Psychiatric comorbidity in young cocaine users: induced versus independent disorders

Authors

  • M. Jesús Herrero,

    1. Health Services Research Unit (IMIM-Hospital del Mar), Barcelona, Spain,
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  • Antonia Domingo-Salvany,

    Corresponding author
    1. Health Services Research Unit (IMIM-Hospital del Mar), Barcelona, Spain,
    2. CIBER en Epidemiología y Salud Publica (CIBERESP), Spain,
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  • Marta Torrens,

    1. IAPS, Hospital del Mar, Barcelona, Spain and
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  • M. Teresa Brugal,

    1. CIBER en Epidemiología y Salud Publica (CIBERESP), Spain,
    2. Public Health Agency (ASPB), Barcelona, Spain
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  • the ITINERE Investigators

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    • *

      The ITINERE Investigators include: Luis de la Fuente de Hoz, Rosario Ballesta Gómez, Gregorio Barrio Anta, M. José Bravo Portela, Daniel Lacasa, Fermín Fernández, Francisco González-Saiz, Luis Royuela, Fernando Vallejo, José Pulido, Fernando Sánchez and Teresa C. Silva.


Antonia Domingo-Salvany, Health Services Research Unit, Institut Municipal d'Investigació Mèdica (IMIM), Dr Aiguader 88, E-08003 Barcelona, Spain. E-mail: adomingo@imim.es

ABSTRACT

Aims  To examine the psychiatric status of young cocaine users using a validated instrument for the evaluation of psychiatric comorbidity, emphasizing the distinction between independent and induced psychiatric conditions.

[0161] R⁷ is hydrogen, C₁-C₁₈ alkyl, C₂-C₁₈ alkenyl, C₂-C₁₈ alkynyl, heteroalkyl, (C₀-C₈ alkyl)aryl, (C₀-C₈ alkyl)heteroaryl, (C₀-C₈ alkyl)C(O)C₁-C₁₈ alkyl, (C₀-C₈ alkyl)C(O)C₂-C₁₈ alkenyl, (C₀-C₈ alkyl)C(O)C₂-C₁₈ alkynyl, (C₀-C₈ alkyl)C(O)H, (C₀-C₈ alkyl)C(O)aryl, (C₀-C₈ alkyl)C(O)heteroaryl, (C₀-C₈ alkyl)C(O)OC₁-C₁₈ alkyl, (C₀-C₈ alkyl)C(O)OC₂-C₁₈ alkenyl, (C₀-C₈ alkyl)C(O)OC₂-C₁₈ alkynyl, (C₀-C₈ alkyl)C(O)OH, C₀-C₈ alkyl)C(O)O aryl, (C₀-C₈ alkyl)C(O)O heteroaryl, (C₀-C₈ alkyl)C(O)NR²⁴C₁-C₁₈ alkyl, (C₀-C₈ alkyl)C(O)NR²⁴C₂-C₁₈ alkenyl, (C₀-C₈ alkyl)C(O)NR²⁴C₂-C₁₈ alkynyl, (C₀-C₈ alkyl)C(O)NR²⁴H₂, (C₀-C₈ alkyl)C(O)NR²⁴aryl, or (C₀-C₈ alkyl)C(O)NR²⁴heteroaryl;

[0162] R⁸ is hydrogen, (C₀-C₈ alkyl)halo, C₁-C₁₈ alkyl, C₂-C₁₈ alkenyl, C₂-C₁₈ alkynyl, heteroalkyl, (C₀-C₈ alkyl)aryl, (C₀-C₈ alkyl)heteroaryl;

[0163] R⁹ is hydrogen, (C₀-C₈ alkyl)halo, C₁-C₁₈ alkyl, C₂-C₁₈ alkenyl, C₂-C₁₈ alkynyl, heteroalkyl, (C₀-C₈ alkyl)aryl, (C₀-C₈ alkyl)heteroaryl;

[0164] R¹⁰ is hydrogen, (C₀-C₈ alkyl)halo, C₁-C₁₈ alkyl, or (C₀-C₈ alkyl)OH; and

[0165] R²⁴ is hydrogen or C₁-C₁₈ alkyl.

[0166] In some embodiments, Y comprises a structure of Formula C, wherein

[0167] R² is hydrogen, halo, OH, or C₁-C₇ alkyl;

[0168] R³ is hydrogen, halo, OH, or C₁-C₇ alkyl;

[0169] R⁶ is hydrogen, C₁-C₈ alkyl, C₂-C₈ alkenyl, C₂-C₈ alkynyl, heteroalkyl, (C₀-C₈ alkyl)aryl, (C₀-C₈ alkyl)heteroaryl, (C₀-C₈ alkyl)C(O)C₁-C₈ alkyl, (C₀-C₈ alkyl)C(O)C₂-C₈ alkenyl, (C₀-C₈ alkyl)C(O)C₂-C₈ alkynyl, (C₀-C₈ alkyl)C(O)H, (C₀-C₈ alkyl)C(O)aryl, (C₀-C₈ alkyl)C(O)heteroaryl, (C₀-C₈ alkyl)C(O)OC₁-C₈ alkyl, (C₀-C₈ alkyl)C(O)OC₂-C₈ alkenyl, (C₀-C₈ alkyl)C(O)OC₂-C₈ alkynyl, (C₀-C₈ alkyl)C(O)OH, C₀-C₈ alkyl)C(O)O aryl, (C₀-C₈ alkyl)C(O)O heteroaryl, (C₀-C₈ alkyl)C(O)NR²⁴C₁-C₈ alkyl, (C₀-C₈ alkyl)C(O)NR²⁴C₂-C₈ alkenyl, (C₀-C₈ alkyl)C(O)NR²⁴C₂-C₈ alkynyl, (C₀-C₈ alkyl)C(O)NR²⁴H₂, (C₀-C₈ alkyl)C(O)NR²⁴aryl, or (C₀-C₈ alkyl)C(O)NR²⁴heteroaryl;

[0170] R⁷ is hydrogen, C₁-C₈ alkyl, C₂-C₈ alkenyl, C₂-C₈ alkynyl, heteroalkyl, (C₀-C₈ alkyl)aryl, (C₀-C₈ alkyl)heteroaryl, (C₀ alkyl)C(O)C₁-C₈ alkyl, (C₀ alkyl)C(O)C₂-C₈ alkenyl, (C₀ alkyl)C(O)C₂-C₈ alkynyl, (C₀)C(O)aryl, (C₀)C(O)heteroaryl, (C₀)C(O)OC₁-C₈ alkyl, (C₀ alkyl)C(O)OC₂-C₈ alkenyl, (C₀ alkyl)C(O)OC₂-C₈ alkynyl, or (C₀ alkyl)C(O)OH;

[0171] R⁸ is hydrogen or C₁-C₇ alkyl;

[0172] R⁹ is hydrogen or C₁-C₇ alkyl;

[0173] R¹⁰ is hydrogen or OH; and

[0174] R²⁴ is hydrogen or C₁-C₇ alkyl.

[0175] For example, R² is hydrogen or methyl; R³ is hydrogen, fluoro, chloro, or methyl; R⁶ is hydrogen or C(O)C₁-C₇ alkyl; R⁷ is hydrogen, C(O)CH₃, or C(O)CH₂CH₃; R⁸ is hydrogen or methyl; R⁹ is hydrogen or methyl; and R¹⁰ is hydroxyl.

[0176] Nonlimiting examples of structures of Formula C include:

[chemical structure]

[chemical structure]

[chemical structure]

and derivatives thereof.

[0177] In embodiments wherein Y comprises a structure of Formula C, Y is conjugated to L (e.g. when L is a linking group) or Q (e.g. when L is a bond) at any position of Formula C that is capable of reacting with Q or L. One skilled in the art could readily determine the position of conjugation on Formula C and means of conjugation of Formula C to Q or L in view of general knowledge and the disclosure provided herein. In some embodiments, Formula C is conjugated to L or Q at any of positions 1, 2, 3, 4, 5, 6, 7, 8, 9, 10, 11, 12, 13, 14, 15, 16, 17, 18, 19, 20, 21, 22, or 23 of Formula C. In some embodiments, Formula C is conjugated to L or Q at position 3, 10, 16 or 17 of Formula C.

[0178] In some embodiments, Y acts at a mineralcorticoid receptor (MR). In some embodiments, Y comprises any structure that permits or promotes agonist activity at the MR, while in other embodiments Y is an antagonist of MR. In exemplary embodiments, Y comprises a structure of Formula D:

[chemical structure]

Design  Cross-sectional study.

Setting  Barcelona, Spain.

Participants  A cohort of 139 young (18–30 years) adult current regular cocaine users.

Measurements  The Psychiatric Research Interview for Substance and Mental Disorders (PRISM-IV, which produces diagnoses according to DSM-IV criteria, including Axis II antisocial and borderline personality disorders).

Findings  Nearly 42.5% of the subjects presented psychiatric comorbidity. The most common Axis I diagnoses were mood disorders (26.6%) and anxiety disorders (13%). Increasing age, having ever received treatment for drug use and freebase cocaine use were associated with substance-induced disorders diagnoses relative to primary Axis I disorders.

Conclusions  This study has shown a relatively high prevalence of psychiatric comorbidity in cocaine users recruited in non-clinical settings. Future studies examining potential differential factors associated with primary versus substance-induced disorders are necessary to optimize the implementation of more suitable approaching programmes for young regular cocaine users.

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